Light-activated antibodies in the fight against primary and metastatic cancer

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The very cytotoxic potency of therapeutic antibodies used in the fight against cancer makes their specific tumour targeting of crucial importance. Unfortunately, in practice, this is often not achieved and can lead to dangerous side-effects. A way of greatly reducing such side-effects is to make the antibodies region-specific to the areas bearing tumour. This can now be achieved by rendering them light dependent so they are only active where illuminated.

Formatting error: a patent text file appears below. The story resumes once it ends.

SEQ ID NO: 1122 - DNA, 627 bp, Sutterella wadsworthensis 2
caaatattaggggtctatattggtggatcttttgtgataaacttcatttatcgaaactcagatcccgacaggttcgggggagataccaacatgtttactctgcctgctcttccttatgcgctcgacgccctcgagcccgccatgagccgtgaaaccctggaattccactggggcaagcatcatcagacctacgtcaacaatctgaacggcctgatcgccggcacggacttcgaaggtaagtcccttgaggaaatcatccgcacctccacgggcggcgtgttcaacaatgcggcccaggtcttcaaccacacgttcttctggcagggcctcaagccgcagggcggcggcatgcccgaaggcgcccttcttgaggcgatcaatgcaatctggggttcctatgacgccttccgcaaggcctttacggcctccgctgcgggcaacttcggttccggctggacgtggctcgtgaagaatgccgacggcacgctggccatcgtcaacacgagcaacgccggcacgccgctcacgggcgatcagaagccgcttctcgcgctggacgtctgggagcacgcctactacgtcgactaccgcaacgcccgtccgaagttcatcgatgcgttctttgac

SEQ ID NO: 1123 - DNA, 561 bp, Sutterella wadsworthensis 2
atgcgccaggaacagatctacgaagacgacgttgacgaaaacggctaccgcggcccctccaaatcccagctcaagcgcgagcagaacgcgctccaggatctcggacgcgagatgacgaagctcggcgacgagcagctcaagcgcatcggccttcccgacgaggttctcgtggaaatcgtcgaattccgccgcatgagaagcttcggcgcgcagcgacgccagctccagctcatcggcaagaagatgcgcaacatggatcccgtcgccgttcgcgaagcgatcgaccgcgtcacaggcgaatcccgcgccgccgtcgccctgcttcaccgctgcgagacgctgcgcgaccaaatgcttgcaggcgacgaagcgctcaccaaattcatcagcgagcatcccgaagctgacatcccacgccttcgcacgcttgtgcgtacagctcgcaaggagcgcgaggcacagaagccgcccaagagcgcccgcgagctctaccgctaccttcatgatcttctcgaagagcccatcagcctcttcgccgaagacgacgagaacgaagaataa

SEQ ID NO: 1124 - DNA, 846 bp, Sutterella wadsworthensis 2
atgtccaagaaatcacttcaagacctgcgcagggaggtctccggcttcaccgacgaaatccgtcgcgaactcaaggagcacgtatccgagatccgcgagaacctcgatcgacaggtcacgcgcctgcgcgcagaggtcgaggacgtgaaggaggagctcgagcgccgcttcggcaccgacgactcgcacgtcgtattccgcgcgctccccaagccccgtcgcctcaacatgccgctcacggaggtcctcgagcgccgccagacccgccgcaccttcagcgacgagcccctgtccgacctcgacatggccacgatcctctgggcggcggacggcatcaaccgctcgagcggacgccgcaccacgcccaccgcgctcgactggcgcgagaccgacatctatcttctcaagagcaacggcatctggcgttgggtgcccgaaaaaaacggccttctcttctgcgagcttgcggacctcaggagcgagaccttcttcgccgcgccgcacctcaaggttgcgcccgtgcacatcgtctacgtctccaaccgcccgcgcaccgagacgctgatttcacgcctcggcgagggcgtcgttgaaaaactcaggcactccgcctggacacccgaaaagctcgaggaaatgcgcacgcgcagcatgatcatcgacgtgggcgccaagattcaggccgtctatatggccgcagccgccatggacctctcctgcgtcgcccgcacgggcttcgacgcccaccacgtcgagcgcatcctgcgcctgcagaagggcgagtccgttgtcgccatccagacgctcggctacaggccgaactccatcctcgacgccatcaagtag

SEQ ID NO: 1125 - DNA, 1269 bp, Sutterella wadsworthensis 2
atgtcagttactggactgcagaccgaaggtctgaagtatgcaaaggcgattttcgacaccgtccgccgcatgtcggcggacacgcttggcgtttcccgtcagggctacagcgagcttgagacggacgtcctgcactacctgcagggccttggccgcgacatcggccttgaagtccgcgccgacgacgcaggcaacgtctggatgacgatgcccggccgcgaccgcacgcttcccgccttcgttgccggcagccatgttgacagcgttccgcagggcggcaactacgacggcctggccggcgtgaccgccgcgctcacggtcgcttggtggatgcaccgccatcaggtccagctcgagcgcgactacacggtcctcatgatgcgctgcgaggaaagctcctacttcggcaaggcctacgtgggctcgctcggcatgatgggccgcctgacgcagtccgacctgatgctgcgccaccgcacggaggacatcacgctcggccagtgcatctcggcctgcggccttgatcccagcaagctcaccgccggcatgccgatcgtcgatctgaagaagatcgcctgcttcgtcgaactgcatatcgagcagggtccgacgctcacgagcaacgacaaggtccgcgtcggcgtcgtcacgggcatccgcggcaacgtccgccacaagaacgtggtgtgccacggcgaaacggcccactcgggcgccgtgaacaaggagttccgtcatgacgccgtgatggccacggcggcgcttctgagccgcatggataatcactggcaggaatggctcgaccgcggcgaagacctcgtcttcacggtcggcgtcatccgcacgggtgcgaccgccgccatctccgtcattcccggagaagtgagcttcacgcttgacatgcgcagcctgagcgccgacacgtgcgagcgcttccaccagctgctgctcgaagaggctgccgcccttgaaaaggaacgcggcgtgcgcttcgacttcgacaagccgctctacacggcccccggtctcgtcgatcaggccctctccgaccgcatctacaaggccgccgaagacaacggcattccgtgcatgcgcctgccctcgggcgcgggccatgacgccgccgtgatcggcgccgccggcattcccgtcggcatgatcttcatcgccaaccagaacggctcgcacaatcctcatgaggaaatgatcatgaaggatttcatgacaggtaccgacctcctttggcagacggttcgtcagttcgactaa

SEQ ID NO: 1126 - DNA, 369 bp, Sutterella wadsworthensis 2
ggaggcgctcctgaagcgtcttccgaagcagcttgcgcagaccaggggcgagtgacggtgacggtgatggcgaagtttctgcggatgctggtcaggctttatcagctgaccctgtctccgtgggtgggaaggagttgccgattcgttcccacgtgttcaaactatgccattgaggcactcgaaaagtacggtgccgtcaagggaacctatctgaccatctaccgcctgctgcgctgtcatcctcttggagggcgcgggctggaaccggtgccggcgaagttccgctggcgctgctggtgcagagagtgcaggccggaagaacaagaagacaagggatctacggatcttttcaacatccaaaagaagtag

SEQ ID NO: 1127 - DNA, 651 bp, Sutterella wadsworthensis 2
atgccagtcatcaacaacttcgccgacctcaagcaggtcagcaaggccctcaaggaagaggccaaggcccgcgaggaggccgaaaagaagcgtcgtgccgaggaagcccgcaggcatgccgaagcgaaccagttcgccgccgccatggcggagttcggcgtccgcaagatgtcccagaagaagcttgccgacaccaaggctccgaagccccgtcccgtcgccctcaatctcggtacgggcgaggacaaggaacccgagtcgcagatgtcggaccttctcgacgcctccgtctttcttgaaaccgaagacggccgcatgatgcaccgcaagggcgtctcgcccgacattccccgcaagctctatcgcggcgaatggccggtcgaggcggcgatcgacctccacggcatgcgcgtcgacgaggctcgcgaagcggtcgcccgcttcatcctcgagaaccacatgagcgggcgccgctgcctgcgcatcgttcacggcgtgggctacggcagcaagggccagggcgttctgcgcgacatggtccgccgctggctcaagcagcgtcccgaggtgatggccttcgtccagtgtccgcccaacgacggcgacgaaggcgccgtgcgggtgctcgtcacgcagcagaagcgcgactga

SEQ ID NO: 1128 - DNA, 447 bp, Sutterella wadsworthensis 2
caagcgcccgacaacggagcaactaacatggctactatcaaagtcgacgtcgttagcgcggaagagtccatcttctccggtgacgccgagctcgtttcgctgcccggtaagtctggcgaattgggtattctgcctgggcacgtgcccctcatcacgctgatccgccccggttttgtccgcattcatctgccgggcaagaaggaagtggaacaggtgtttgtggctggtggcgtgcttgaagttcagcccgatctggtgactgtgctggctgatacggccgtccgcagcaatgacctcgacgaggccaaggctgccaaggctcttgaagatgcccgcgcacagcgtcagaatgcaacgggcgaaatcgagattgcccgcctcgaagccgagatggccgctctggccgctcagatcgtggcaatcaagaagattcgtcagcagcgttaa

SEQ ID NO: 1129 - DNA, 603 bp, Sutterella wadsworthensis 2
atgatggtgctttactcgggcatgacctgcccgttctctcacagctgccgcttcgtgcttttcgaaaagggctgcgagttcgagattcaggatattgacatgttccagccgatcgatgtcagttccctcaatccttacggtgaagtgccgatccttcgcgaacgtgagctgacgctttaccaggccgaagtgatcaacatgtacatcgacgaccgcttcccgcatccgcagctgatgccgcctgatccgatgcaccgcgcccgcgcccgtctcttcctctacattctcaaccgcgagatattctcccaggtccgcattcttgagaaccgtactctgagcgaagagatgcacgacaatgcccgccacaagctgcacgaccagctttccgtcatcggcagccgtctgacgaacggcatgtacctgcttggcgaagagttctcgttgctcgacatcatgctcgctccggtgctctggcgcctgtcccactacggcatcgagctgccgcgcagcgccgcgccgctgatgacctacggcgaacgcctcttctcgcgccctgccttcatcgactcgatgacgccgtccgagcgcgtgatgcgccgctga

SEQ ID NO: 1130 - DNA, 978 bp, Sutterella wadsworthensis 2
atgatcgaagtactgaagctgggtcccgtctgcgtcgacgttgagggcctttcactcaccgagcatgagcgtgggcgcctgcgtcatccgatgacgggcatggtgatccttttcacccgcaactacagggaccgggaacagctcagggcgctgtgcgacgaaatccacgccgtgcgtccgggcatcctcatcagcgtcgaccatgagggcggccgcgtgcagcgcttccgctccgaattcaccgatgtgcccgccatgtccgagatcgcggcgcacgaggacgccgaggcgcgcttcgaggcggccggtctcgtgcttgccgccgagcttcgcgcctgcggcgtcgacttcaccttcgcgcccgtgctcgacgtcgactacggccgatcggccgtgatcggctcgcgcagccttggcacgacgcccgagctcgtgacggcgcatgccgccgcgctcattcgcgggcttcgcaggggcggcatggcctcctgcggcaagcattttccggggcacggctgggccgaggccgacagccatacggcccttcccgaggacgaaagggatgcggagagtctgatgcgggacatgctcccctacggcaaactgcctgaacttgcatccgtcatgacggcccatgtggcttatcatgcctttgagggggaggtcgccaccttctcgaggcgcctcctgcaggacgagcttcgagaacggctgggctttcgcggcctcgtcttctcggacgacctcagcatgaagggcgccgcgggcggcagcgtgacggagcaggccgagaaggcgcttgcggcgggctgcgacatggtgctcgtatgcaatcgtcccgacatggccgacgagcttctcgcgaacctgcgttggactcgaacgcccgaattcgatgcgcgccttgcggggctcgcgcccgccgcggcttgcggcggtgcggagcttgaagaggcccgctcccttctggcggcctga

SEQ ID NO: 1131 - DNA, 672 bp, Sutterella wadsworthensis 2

There are many ways of employing such light enhanced targeting in very many locations within the body. When it is applied to direct killer T-cells to ovarian primary tumours, not only is primary tumour growth markedly reduced but also a dramatic reduction of metastatic growth is observed in the liver. In this article Stephen Thompson, Alexander C. Selfand Colin H. Self describe how photo-activation technology will improve the targeting of therapeutic conjugates to tumours by increasing their effective specificity. When used in conjunction with improvements in recombinant antibody production techniques and rapidly evolving light-delivery systems, it should be possible to build a wealth of extremely effective, highly tumour-specific therapies in the near future.

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